Spin Magazine Cover Story-February 1986
By Barry Michael Cooper
(This was the first national magazine story on the emerging crack cocaine epidemic in America, months before both Time and Newsweek.)
It is almost midnight in Harlem, and the colorless summer night has painted the row of tenement buildings, storefronts, sidewalks, cars, buses, and people in shades of the unknown in this concrete netherworld.
Is this a jungle? The young lions are dressed in black nylon T-shirts and black Lee carpenter jeans rolled up at bare ankles to showcase shiny black Bally loafers. Sinewy arms folded across their chests laden with gold medallions, a silent roar creasing their lips in the guise of a sneer, the young lions usher their prey in and out of video parlors and misty hallways.
Is this a war zone? Loud, rapid machine-gun fire, in the form of recorded digital drums, blasts from a glistening metal boom box, the modern teenager’s portable iron curtain, repeating the most damaging bursts of ammo, shooting down all hopes of retreat from its demanding groove. Thick marijuana smoke is suspended in the air.
Is this an island? A jet stream of water punches out of the mouth of an open fire hydrant. A few adults and children, barefoot and frying in the melting night, giggle and play, carefree, in the cooling flow. The river of water circles the block, separating this patch of Harlem from the rest of the free world. In the street, the water babies instinctively sidestep the steady flotilla of crushed beer cans, greasy wine bottles, and empty miniature manila envelopes of reefer. There are messages in these bottles, cries for help tossed in a curbside sea. The fleet stops at the corner of Eighth Avenue and capsizes into an already gutted drain of moldy, splintered, and stagnant dreams.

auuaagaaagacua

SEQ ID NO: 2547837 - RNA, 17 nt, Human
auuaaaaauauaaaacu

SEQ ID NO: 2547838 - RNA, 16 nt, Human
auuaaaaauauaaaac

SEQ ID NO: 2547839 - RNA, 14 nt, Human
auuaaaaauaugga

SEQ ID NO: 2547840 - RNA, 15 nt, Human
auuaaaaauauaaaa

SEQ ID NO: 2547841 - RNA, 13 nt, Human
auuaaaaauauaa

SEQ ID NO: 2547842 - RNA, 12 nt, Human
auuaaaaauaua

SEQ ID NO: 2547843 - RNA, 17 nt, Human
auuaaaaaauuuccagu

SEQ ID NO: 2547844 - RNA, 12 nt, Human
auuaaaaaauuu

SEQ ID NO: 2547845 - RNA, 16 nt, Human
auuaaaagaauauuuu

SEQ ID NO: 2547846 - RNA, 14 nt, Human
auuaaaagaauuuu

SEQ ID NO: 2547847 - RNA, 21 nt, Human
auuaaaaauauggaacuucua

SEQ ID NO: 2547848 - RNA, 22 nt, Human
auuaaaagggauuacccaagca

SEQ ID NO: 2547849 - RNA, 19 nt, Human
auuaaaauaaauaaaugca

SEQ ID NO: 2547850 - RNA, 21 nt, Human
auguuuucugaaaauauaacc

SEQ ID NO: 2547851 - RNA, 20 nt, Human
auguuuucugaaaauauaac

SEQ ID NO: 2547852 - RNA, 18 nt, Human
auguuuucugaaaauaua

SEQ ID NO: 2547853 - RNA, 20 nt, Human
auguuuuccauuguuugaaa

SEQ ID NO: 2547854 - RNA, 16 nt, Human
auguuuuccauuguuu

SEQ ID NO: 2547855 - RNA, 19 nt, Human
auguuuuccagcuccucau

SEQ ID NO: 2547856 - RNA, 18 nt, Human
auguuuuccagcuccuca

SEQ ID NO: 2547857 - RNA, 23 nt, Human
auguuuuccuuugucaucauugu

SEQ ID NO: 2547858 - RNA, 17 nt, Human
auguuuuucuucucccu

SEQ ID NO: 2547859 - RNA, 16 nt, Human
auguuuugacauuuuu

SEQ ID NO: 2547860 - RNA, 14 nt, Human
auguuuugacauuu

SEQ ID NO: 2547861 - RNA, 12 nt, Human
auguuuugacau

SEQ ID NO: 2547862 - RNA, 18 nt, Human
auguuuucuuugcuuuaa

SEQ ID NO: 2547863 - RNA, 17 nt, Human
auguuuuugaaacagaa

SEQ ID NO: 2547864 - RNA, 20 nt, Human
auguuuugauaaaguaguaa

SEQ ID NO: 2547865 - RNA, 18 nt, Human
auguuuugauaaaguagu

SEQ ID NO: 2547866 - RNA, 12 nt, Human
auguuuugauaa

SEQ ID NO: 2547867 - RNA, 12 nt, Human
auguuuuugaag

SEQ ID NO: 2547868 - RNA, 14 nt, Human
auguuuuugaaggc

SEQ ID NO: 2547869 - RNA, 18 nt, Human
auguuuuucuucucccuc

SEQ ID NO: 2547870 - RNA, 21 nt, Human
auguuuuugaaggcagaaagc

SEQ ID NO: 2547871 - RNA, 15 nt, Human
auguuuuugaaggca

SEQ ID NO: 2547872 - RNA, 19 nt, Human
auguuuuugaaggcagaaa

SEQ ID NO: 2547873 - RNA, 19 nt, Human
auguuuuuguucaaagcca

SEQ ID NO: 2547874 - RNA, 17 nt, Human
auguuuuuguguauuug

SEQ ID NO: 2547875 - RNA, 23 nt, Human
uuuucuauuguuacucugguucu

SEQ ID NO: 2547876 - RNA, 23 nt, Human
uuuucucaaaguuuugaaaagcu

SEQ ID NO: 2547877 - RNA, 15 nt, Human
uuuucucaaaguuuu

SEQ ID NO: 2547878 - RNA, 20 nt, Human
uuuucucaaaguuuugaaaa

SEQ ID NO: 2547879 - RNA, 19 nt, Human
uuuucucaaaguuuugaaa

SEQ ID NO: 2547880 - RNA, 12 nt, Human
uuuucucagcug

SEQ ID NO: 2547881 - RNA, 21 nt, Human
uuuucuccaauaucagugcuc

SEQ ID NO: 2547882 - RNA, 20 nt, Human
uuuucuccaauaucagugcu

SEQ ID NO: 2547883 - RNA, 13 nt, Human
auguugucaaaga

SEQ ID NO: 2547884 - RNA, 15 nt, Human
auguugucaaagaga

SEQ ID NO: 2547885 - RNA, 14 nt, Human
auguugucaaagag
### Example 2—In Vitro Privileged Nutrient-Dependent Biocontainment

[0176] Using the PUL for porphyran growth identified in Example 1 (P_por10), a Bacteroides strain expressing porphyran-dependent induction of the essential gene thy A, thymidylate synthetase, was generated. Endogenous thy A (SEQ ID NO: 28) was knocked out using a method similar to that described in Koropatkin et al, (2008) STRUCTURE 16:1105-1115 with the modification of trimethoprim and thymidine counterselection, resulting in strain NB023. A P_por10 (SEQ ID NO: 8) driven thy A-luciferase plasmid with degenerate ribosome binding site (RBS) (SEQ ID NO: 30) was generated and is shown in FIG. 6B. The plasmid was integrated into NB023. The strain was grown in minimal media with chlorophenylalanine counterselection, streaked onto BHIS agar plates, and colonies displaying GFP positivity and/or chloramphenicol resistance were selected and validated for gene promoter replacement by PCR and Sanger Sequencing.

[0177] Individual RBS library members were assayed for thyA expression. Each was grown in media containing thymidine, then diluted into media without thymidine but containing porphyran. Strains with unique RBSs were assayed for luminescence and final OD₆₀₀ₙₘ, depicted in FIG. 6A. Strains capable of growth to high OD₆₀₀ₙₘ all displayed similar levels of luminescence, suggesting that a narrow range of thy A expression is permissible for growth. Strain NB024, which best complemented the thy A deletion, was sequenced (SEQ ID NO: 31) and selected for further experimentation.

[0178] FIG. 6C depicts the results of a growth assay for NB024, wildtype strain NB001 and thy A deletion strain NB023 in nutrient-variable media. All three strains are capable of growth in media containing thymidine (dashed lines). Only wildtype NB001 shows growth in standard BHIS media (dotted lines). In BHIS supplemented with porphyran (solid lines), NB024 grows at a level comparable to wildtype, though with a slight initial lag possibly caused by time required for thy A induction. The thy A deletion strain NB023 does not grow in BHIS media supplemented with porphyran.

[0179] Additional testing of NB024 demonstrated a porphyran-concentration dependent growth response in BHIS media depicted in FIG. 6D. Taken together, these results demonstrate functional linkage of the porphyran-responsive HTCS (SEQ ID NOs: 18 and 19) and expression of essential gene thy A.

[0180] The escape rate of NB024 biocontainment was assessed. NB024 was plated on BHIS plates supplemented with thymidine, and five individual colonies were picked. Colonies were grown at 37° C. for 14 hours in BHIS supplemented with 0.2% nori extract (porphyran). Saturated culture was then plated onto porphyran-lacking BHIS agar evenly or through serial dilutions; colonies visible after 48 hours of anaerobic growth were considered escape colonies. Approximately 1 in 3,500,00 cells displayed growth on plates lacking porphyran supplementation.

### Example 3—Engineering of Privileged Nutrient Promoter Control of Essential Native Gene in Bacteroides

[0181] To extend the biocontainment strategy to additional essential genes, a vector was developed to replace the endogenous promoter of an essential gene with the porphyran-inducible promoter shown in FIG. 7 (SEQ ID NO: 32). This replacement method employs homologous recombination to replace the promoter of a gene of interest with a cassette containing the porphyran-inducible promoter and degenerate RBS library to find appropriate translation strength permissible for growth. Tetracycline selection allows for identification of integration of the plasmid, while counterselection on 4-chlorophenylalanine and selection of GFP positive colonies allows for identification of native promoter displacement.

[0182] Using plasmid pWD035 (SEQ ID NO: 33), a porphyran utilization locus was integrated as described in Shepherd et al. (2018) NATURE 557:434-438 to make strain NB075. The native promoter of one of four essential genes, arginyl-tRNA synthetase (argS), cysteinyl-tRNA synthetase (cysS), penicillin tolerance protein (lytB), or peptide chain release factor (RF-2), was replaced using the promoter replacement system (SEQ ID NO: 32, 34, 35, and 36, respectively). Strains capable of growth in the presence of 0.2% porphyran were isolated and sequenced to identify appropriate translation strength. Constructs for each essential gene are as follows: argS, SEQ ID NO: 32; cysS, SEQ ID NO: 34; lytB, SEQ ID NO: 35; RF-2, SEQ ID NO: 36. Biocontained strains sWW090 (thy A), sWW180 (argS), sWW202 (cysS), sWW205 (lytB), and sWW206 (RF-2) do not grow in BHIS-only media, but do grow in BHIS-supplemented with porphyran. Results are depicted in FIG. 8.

This is 145th Street, “Crack City.”
Crack is the latest drug in New York, and its use is becoming epidemic. These white pellets of prepackaged freebase (cocaine in its purest form) are extremely frightening. Frequent users--peer pressured 13-year-olds to 60-plus grandparents--don’t associate its use with the savage addiction of heroin or the hallucinogenic insanity of angel dust, its two predecessors in Harlem’s crippling drug trilogy. But in the last year, crack has become the drug of choice; the exhilarating rush of its 5-to-15 minute high brings a distorted sense of power, a king-of-the-hill nirvana. Like Huxley’s “soma” in Brave New World, crack is, for many, escape, booster, stabilizer, and status quo. Known on the street as “the white genie in the bottle” (it is sold in vials), a rub of the crack lantern grants the wish for temporary residence in the dreamstate of your own design.
The crack phenomenon is so new that not much is known about it (or maybe the facts are not available to the general public) by the N.Y.P.D. or any other law enforcement agency.
Dressed in Sergio Valente jeans, Etonic T-shirt, and sneakers, the Harlem detective is small and wiry, with a deep tan and salt and pepper hair. In the Street Narcotics unit of the 33rd precinct, he speaks in hushed tones, and his mannerisms are closely guarded, as if the body language shouldn’t be talkative, either.
“I’ve seen some BMW’s, Mercedes, and Volvo’s with Jersey, Connecticut, and even Massachusetts license plates on 145th Street, where young, rich white kids are going to buy crack. How they are finding out about this, I don’t know, but soon it won’t be confined to the black community. It will be widespread.
“I can recall hearing about it in the last year or so. It looks almost like chips of soap, and sometimes when the dealers sell bad stuff, that’s what they use--chips of soap.”